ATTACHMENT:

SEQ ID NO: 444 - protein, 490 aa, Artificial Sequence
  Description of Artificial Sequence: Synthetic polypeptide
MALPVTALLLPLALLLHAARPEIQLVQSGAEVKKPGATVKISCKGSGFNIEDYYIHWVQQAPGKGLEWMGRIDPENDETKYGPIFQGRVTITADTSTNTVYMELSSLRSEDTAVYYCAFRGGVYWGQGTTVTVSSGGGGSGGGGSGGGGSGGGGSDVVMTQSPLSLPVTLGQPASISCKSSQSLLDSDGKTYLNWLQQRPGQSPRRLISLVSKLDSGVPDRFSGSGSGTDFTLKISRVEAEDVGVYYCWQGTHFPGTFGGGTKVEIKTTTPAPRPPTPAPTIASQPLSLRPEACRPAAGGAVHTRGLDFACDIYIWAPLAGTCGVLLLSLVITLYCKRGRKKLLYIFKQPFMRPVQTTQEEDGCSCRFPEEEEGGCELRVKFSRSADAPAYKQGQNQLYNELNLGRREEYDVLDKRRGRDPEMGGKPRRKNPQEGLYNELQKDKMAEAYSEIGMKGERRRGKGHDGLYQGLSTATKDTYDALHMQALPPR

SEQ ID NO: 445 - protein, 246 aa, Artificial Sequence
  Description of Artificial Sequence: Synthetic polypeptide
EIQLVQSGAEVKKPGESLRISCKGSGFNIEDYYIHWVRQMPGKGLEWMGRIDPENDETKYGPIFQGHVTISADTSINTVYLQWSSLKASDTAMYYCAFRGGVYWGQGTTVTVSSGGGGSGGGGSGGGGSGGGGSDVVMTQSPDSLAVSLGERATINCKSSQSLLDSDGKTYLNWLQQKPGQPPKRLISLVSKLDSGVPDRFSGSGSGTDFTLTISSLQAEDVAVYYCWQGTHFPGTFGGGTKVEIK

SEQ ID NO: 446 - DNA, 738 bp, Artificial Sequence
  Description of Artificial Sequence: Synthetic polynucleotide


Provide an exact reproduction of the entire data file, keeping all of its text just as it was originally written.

SEQ ID NO: 444 - protein, 490 aa, Artificial Sequence
  Description of Artificial Sequence: Synthetic polypeptide
MALPVTALLLPLALLLHAARPEIQLVQSGAEVKKPGATVKISCKGSGFNIEDYYIHWVQQAPGKGLEWMGRIDPENDETKYGPIFQGRVTITADTSTNTVYMELSSLRSEDTAVYYCAFRGGVYWGQGTTVTVSSGGGGSGGGGSGGGGSGGGGSDVVMTQSPLSLPVTLGQPASISCKSSQSLLDSDGKTYLNWLQQRPGQSPRRLISLVSKLDSGVPDRFSGSGSGTDFTLKISRVEAEDVGVYYCWQGTHFPGTFGGGTKVEIKTTTPAPRPPTPAPTIASQPLSLRPEACRPAAGGAVHTRGLDFACDIYIWAPLAGTCGVLLLSLVITLYCKRGRKKLLYIFKQPFMRPVQTTQEEDGCSCRFPEEEEGGCELRVKFSRSADAPAYKQGQNQLYNELNLGRREEYDVLDKRRGRDPEMGGKPRRKNPQEGLYNELQKDKMAEAYSEIGMKGERRRGKGHDGLYQGLSTATKDTYDALHMQALPPR

SEQ ID NO: 445 - protein, 246 aa, Artificial Sequence
  Description of Artificial Sequence: Synthetic polypeptide
EIQLVQSGAEVKKPGESLRISCKGSGFNIEDYYIHWVRQMPGKGLEWMGRIDPENDETKYGPIFQGHVTISADTSINTVYLQWSSLKASDTAMYYCAFRGGVYWGQGTTVTVSSGGGGSGGGGSGGGGSGGGGSDVVMTQSPDSLAVSLGERATINCKSSQSLLDSDGKTYLNWLQQKPGQPPKRLISLVSKLDSGVPDRFSGSGSGTDFTLTISSLQAEDVAVYYCWQGTHFPGTFGGGTKVEIK

SEQ ID NO: 446 - DNA, 738 bp, Artificial Sequence
  Description of Artificial Sequence: Synthetic polynucleotide